Holly Mitchell, who was elected to the board in November 2020 after serving in the state legislature, has emerged as the board’s most stalwart champion of sheriff oversight and alternatives to incarceration. Mitchell is part of a progressive bloc on the five-member board with Hilda Solis and Sheila Kuehl.

Kuehl’s retirement this year opened the door to a possible end for that tenuous coalition given the support one of the candidates received from the association of sheriff’s deputies. But the more progressive contender, Horvath, leads by 4.5 percentage points as of publication; while tens of thousands of ballots remain to be counted, those tabulated since Election Day have favored her. 

Organizers are hopeful that Horvath’s arrival would shore up the progressive majority and allow the board to take bolder action. “Her win sets us up to have more aligned elected officials on the board—but we still need to apply pressure to get that money allotted for Care First,” said Janet MarLee, a member of Justice LA executive committee member Essie Justice Group. 

As a council member for West Hollywood, Horvath lobbied to slightly reduce the city’s contract with LASD over time and increase the presence of unarmed community responders, who are trained to de-escalate situations. She was also an early supporter of Justice LA’s fight to stop two new jails from being built to replace Men’s Central. “Very few political officials in seats were willing to speak up publicly against jail expansion and for alternatives—and Lindsey Horvath did just that,” Alé-Ferlito said. “She has been diligent about learning the nuances of our policy work.”

Recently, Justice LA has criticized the board for failing to address the jail crisis. Despite voting to begin the process of shutting down Men’s Central Jail in early 2021, the board hasn’t come up with a timeline to do so, and local organizers have criticized Kuehl and Solis for watering down recent reforms. Meanwhile, 55 people died inside the county penal system in 2021, whose conditions have been described by watchdogs as “barbaric” and “medieval,” and which is currently reaching population levels not seen since the early days of the pandemic. A number of organizations and individuals sued the city and county this week to challenge the local bail system, faulting it for keeping people locked up based on how much they can pay rather than how much of a danger they pose to the community.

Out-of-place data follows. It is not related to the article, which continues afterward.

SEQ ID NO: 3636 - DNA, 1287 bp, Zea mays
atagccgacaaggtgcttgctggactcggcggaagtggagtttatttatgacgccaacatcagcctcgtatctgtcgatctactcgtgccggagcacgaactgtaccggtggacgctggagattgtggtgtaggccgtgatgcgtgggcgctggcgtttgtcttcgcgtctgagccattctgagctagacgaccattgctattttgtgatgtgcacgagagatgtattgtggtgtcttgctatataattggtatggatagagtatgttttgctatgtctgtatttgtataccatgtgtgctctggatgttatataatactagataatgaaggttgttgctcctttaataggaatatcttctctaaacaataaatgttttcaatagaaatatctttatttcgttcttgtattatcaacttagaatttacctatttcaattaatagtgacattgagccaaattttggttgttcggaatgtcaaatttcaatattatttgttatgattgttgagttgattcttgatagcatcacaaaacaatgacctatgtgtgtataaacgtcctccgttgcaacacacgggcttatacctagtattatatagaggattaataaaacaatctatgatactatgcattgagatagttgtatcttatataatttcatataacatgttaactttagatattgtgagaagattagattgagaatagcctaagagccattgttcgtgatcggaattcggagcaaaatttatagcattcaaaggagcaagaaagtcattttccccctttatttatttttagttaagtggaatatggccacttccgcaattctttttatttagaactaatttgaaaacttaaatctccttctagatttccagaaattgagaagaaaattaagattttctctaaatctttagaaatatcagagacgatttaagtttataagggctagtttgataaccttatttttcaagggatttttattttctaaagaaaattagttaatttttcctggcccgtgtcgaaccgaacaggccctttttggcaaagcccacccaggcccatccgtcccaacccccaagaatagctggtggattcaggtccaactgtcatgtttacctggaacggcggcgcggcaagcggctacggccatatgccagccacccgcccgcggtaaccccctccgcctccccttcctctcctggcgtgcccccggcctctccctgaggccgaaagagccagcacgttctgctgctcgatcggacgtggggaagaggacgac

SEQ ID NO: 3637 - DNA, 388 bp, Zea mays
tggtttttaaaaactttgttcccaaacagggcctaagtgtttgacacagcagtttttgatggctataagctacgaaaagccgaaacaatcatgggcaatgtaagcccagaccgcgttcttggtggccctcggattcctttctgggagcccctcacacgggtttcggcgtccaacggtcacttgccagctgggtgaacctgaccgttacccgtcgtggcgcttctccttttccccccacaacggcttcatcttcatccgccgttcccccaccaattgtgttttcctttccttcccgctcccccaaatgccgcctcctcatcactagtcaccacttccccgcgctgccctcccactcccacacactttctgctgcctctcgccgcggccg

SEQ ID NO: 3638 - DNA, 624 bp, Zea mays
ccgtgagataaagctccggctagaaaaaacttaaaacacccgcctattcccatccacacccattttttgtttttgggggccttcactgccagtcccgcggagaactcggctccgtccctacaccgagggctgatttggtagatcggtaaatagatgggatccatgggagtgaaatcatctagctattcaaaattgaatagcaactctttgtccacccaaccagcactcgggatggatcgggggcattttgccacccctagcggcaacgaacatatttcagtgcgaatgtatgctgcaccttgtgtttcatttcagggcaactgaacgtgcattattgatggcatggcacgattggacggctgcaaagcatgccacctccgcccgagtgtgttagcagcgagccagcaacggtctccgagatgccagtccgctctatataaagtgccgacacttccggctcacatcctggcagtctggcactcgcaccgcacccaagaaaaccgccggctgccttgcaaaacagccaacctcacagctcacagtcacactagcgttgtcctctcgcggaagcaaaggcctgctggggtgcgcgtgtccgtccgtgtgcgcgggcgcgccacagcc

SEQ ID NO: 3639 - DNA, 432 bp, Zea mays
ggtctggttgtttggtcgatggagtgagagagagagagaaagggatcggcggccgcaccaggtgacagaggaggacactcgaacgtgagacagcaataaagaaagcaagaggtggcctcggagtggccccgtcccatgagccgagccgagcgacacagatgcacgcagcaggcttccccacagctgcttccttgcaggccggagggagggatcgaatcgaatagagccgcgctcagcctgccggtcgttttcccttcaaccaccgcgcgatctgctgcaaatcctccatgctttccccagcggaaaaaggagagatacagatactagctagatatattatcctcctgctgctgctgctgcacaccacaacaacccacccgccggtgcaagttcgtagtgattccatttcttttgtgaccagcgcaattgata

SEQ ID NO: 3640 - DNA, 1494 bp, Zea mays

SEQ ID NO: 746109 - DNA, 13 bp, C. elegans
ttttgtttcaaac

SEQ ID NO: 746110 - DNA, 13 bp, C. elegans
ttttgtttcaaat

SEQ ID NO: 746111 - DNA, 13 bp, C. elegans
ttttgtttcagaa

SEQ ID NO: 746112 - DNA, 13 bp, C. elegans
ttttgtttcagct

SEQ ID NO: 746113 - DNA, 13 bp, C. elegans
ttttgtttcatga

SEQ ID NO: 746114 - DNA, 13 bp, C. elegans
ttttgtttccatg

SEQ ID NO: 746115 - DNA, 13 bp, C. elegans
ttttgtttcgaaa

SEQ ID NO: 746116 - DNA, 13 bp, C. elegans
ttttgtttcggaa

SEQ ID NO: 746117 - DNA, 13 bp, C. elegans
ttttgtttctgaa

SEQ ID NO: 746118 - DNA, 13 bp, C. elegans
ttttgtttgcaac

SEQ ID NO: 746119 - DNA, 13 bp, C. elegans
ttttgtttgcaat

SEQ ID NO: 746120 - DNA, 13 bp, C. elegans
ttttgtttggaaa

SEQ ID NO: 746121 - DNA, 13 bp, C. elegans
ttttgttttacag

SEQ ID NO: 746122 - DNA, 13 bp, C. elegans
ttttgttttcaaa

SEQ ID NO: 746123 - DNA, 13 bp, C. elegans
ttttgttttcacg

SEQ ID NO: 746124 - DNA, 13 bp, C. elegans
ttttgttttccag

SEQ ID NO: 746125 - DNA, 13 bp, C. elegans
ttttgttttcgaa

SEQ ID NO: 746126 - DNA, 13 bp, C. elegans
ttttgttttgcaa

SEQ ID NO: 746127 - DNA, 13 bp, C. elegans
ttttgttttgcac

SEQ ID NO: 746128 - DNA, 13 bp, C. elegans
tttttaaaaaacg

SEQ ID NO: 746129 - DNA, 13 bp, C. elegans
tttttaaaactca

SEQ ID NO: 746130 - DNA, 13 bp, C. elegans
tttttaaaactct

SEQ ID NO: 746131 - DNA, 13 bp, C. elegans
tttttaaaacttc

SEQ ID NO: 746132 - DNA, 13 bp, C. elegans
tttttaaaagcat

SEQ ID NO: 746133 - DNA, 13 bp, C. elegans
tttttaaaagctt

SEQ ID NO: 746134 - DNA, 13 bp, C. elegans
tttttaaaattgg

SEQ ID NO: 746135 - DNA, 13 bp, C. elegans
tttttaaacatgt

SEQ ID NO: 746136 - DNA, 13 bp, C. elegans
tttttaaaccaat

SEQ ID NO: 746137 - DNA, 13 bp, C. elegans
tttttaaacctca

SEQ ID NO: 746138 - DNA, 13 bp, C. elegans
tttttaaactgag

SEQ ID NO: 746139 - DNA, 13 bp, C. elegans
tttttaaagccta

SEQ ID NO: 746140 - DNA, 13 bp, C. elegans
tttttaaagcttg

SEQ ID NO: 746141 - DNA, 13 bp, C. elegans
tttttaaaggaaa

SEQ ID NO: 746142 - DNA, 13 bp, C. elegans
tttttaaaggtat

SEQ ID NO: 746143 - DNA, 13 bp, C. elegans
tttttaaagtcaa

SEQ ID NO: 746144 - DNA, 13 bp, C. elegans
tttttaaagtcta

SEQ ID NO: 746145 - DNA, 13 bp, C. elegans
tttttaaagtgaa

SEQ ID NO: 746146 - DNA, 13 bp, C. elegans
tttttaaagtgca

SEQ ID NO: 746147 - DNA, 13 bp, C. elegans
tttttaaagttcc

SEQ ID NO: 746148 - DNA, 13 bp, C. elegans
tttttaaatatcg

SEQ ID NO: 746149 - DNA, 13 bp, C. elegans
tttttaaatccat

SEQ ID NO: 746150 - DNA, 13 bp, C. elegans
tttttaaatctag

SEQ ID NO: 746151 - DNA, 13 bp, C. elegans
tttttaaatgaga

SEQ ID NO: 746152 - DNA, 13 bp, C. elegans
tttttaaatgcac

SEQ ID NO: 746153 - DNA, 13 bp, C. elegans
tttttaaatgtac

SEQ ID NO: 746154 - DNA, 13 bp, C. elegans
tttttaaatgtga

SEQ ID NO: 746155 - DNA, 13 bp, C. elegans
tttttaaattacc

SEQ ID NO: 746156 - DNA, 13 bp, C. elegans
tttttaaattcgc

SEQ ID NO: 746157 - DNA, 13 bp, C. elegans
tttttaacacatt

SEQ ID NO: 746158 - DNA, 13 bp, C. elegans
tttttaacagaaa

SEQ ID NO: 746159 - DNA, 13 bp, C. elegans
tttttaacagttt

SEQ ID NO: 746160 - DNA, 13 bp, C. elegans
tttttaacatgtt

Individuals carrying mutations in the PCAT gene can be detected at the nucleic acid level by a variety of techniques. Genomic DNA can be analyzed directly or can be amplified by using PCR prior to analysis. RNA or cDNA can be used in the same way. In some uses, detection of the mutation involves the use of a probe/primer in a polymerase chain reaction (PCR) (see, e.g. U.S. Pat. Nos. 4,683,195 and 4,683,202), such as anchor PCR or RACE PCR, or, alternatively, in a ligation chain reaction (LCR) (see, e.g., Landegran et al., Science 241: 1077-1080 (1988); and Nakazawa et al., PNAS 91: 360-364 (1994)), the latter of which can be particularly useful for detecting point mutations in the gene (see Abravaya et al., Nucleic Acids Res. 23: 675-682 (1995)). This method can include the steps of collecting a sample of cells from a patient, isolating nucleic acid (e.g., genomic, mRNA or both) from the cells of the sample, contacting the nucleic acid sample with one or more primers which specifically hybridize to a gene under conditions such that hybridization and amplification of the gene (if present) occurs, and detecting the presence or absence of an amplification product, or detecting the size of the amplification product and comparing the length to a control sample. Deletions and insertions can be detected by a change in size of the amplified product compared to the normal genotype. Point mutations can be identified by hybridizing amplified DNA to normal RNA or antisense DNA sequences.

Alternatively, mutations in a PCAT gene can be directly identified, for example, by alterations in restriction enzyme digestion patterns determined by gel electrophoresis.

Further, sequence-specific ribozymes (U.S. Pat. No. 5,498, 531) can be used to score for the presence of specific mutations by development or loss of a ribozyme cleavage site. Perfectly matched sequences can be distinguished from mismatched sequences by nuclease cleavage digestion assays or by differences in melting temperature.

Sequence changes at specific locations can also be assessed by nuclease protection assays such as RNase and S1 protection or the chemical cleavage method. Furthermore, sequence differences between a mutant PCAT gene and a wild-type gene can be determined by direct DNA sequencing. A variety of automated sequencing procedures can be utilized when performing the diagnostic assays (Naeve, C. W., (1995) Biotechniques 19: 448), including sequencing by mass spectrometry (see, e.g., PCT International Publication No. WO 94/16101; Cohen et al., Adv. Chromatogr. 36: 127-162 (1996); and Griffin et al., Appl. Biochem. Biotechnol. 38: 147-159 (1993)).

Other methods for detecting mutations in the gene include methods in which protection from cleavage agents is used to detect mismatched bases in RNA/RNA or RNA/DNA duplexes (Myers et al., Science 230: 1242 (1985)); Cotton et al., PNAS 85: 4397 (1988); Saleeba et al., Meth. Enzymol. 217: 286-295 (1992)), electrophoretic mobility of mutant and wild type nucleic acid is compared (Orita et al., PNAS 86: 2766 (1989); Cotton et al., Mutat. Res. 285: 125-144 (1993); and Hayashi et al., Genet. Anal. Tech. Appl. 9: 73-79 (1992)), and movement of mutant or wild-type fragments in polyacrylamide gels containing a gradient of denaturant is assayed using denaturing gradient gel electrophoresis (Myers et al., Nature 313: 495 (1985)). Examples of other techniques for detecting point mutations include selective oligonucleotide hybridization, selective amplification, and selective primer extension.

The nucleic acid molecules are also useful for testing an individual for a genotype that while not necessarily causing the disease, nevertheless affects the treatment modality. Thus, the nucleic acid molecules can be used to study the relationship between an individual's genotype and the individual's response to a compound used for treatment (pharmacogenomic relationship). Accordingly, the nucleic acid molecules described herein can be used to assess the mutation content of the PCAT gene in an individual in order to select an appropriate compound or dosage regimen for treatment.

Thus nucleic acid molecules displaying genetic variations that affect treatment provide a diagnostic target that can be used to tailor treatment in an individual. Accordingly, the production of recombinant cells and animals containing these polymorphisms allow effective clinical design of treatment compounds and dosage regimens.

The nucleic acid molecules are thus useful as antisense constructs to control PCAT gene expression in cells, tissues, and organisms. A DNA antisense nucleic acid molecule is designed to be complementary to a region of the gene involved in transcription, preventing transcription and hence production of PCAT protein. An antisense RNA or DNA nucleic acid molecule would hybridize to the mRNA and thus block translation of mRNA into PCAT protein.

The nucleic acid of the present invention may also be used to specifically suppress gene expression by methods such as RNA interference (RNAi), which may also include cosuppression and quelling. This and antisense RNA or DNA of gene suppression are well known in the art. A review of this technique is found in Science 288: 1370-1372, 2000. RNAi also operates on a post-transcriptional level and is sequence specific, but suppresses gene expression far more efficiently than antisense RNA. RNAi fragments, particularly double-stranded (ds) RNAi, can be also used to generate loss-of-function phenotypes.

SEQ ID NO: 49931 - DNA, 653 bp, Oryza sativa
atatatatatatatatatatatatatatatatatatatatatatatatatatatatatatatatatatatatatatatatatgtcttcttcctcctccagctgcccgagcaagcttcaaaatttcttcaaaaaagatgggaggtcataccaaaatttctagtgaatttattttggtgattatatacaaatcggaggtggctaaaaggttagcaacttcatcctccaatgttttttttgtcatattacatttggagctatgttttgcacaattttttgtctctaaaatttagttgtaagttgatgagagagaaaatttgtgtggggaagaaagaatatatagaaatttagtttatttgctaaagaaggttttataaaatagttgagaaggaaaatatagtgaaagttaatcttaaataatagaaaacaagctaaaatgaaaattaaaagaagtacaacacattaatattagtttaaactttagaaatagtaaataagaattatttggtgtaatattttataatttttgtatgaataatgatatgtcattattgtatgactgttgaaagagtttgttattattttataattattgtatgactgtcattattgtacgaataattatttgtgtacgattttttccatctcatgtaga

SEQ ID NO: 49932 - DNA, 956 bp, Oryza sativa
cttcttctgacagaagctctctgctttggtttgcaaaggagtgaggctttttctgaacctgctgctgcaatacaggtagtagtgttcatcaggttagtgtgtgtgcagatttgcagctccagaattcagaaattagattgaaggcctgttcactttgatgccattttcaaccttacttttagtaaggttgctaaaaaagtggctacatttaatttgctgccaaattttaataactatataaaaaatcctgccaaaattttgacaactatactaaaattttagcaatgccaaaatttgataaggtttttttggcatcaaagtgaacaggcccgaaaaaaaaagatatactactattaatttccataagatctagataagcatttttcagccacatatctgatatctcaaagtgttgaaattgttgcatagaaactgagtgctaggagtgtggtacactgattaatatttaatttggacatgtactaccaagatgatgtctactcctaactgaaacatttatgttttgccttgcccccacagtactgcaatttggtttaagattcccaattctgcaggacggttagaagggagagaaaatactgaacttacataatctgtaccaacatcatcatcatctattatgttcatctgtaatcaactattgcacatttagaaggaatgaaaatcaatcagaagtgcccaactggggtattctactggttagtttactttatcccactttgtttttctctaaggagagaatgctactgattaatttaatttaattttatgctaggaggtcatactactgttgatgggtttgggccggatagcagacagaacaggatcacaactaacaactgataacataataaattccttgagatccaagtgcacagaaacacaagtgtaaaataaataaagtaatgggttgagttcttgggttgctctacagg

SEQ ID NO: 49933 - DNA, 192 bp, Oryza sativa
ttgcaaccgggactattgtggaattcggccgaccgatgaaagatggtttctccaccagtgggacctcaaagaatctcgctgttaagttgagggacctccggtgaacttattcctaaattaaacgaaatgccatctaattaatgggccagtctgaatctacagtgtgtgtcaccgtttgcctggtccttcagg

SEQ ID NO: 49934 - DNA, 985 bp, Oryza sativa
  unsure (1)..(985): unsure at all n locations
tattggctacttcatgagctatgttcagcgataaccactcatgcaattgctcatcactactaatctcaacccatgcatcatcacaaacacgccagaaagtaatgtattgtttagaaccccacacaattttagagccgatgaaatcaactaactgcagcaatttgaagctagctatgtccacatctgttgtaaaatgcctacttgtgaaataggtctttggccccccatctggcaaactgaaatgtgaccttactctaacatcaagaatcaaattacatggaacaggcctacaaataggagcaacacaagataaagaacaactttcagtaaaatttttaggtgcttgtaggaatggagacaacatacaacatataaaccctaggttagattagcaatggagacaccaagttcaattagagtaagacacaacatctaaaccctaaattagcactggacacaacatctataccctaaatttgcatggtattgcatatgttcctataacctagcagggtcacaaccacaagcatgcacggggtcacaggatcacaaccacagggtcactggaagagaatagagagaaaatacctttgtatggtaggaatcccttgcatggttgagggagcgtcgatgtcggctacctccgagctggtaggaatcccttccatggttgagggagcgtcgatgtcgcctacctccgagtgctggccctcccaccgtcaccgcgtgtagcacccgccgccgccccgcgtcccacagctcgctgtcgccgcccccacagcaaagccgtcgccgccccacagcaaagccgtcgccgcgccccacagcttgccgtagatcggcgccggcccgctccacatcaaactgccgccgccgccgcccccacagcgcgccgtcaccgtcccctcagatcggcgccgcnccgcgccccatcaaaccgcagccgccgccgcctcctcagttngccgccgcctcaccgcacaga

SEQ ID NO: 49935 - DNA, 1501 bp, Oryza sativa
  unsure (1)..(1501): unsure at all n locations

MarLee told Bolts that her 18-year-old nephew sat in jail for three years before he was sentenced. “Fighting a case inside—opposed to being free and being able to just show that you’re a sustainable member of the community—is difficult, right? Because you’re showing up in your jumpsuit and they’re looking at it from that perspective, that he’s a criminal already,” she said. “7,000 out of 15,000 people are locked up in LA county jails who are pretrial, and they’re there still only because they can’t afford bail or they don’t have access to supportive services that they need.”